September 20, 2018
As an ER travel nurse and an avid rock climber, Swarthmore’s Megan Tarrer loves to challenge herself both physically and mentally at work and at play. For her, life is all about the climb.
Growing up, Tarrer, 33, always enjoyed hiking and being in the great outdoors, but it wasn’t until college that she found her passion for rock climbing in the mountains of North Carolina.
She met her boyfriend and climbing partner, Tzlil, at a rock gym in North Carolina. He is an ER doctor; they moved together to the Philadelphia area so he could complete his residency.
Together, they try to take a few big trips a year to climb out west or up north, and they hit a rock gym once or twice a week.
“The gym is a great way to stay in shape and train for our trips,” she told PhillyVoice.
One of the most memorable trips so far for Tarrer was a recent trek to the Paklenica National Park in Croatia and Osp in Slovenia.
At Paklenica, the couple got a chance to watch the annual Big Wall Speed Rock Climbing Competition, and were wowed by the skill level of the competitors.
“They compete in two-person teams and it was really impressive to watch how fast the partners were able to relay back and forth,” she said.
She will also never forget their trip to Red Rock Canyon in Las Vegas and the super bloom they got to witness. She said the desert was lit up by colorful wildflowers.
Tarrer has also climbed at Looking Glass Rock and Hickory Nut Gorge in the mountains of North Carolina, New River Gorge in West Virginia, and Red River Gorge in Kentucky, and in Joshua Tree and The Needles in California.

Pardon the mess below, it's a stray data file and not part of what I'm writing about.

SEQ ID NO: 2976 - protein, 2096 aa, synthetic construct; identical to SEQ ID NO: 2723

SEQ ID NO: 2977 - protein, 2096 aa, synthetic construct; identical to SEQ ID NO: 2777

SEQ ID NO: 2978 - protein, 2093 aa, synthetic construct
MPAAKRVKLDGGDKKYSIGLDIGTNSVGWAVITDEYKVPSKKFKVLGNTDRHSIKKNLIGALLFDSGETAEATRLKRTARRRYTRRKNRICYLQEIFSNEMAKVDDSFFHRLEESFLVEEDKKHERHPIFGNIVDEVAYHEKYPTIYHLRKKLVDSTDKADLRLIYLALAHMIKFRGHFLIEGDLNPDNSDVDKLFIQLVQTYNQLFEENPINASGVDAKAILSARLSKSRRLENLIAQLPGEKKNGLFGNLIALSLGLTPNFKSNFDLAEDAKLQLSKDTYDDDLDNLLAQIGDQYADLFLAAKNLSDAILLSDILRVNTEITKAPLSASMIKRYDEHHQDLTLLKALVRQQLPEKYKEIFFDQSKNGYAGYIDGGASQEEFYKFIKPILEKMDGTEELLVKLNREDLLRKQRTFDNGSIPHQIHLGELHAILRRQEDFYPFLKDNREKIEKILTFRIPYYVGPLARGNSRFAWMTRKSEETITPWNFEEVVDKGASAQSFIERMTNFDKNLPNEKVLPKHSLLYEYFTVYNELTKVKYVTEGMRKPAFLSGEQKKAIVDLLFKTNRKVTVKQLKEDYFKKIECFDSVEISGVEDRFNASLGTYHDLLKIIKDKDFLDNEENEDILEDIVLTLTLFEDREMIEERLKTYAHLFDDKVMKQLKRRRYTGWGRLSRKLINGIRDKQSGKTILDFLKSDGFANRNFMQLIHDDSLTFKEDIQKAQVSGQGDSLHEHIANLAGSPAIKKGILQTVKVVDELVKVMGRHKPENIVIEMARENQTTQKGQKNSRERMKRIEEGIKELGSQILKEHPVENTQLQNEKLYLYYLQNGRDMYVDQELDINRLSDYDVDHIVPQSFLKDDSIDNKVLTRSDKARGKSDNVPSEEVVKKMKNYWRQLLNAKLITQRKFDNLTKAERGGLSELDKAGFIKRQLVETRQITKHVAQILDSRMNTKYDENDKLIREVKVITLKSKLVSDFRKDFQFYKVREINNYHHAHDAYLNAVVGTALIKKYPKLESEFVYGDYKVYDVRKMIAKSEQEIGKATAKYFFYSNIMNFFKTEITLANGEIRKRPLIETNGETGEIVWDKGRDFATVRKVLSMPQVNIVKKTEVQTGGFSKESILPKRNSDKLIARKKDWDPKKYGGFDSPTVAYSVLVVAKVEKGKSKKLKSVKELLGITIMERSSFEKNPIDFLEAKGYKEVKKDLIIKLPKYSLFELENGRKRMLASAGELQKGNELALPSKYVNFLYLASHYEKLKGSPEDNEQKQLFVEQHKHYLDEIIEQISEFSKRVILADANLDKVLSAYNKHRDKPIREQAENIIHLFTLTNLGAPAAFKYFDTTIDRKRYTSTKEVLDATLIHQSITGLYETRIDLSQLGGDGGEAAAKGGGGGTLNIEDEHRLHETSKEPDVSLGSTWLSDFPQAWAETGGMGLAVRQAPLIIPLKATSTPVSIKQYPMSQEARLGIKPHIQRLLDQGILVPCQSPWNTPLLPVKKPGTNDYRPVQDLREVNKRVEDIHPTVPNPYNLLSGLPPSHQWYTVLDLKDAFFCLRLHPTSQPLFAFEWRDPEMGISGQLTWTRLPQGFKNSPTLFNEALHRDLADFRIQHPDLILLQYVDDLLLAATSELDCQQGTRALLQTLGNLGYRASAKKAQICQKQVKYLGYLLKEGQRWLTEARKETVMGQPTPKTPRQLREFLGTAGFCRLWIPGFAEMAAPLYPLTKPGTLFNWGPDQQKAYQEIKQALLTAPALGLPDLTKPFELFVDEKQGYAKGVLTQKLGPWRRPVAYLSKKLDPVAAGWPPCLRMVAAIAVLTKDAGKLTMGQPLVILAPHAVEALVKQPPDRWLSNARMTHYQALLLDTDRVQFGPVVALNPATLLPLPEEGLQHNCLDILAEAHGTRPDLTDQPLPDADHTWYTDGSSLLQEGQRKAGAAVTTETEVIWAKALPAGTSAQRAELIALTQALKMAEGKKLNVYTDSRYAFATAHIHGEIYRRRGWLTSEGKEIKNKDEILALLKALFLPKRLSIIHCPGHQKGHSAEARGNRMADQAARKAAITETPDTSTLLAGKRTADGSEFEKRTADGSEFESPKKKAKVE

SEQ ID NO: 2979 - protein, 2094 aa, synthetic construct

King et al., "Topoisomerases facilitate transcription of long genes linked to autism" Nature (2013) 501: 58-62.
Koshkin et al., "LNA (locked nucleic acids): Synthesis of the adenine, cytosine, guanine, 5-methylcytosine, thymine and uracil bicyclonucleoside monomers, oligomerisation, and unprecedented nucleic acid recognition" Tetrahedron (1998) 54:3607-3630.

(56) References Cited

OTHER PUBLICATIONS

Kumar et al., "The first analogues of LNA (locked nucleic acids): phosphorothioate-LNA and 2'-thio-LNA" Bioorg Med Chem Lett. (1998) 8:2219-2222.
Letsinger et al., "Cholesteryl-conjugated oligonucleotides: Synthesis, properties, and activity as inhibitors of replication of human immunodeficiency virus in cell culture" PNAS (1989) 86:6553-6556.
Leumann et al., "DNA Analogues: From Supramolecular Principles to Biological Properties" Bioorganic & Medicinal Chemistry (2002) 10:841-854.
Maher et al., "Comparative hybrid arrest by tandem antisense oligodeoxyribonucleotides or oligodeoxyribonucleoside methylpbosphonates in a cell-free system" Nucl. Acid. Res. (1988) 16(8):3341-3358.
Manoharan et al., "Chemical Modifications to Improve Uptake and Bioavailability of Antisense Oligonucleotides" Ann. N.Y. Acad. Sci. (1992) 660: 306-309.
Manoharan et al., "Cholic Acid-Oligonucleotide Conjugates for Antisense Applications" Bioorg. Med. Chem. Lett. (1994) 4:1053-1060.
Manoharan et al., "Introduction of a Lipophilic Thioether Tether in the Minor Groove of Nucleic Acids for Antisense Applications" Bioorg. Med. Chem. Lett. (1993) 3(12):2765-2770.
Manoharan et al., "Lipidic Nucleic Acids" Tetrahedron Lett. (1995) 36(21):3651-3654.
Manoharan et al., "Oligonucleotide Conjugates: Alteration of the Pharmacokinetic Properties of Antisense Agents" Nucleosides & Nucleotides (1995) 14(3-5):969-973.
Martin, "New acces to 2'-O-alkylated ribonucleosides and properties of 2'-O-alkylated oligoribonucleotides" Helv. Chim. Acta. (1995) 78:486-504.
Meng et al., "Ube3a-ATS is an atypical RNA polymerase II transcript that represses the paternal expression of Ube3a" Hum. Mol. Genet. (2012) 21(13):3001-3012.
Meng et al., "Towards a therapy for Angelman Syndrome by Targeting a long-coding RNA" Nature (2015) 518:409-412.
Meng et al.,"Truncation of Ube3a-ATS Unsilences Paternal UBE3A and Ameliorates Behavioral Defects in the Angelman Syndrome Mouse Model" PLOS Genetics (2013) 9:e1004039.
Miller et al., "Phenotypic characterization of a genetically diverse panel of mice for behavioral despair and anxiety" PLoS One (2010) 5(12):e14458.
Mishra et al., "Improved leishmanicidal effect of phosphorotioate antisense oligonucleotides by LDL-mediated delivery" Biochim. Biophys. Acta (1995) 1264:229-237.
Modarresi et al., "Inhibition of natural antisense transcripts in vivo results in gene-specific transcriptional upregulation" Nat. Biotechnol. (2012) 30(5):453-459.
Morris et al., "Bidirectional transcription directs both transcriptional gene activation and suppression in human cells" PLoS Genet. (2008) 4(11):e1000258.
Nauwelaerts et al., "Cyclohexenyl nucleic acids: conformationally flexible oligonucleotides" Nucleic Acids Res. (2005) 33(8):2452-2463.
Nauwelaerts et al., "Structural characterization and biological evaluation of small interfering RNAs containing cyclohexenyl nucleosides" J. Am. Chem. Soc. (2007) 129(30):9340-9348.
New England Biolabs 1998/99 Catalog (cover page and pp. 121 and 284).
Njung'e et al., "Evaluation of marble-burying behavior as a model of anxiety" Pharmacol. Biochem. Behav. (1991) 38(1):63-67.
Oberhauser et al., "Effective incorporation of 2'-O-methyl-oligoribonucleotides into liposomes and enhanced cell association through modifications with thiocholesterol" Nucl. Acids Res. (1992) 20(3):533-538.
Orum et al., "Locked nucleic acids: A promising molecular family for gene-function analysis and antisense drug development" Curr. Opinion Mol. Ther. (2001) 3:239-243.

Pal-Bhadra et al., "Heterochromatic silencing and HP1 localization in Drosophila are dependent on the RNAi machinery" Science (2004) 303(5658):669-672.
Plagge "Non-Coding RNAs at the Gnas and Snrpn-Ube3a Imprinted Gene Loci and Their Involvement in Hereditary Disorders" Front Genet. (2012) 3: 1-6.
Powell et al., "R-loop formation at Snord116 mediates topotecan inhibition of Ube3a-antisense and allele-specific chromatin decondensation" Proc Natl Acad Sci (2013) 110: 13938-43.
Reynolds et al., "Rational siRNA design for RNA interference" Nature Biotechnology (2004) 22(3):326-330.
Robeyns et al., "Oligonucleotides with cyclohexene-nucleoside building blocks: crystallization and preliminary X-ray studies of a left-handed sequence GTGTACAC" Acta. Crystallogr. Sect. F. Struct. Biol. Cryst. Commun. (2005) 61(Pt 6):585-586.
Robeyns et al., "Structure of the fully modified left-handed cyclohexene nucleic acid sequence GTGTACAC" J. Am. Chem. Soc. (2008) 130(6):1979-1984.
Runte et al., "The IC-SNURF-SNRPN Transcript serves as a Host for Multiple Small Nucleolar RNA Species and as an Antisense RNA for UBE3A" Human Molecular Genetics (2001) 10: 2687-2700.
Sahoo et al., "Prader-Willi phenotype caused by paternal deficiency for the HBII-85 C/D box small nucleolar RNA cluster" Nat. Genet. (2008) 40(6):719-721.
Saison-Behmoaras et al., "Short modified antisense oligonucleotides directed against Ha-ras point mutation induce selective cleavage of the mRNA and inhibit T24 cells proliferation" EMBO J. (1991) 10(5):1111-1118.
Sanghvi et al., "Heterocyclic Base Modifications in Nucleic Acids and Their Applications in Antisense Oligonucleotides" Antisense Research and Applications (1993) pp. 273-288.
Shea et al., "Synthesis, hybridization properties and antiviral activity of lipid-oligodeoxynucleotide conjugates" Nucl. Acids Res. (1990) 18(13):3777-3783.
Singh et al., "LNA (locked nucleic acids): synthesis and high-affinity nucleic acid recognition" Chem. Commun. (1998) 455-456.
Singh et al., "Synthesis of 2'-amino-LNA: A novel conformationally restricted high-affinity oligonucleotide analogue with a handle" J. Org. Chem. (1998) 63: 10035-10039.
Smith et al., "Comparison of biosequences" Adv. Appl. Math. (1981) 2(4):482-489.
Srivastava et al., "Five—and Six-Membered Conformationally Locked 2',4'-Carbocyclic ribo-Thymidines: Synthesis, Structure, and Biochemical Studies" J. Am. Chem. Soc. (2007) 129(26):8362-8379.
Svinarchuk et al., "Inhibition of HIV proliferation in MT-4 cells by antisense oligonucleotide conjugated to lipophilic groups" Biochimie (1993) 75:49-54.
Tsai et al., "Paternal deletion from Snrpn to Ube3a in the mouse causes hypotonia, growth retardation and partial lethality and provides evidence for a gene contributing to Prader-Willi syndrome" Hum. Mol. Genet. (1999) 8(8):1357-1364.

Closer to home, she has explored the Shawangunk Mountains in New York and a series of cliffs in an old quarry in Birdsboro, Berks County.
What Tarrer, 33, loves the most about all her rock climbing trips, though, is the chance to push herself to her limits, both physically and mentally.
“You need to know how to move and use your body to scale the rocks, and it takes a lot of mental skill as well,” she said. “Rock climbing is always a head game. You need to recognize your physical and mental capabilities, and have confidence in yourself. Sometimes you can get in your head, telling yourself you can’t do it, and freak yourself out. If that happens, you could get hurt.”
She explained that you need the ability to ground yourself when everything around you is going crazy. This skill is essential when working in the ER setting, too.
Her advice for anyone wanting to give rock climbing a try? She suggests checking out the Philadelphia chapter of the American Alpine Club, which offers clinics and a mentoring program, and local rock gyms that offer introductory packages for beginners.
Tarrer loves how much the sport has grown and how it is attracting a lot of young people in urban areas.
“Rock climbing is a great way to stay fit and meet other people,” she said. “And you get to experience new places.”
Tarrer will be traveling again in November, but this time for work. She and Tzlil will head off to Lima, Peru to work in a mobile medical clinic through a nonprofit called Medlife as a part of Tzlil’s elective for his emergency medicine residency.
They will take a medical bus into the poorest areas of Lima to provide care, and teach a wilderness medical course to medical students in Lima. They plan to at least hike Machu Picchu and explore other parts of the Andes Mountains, and if they have extra time, some climbing with a guide.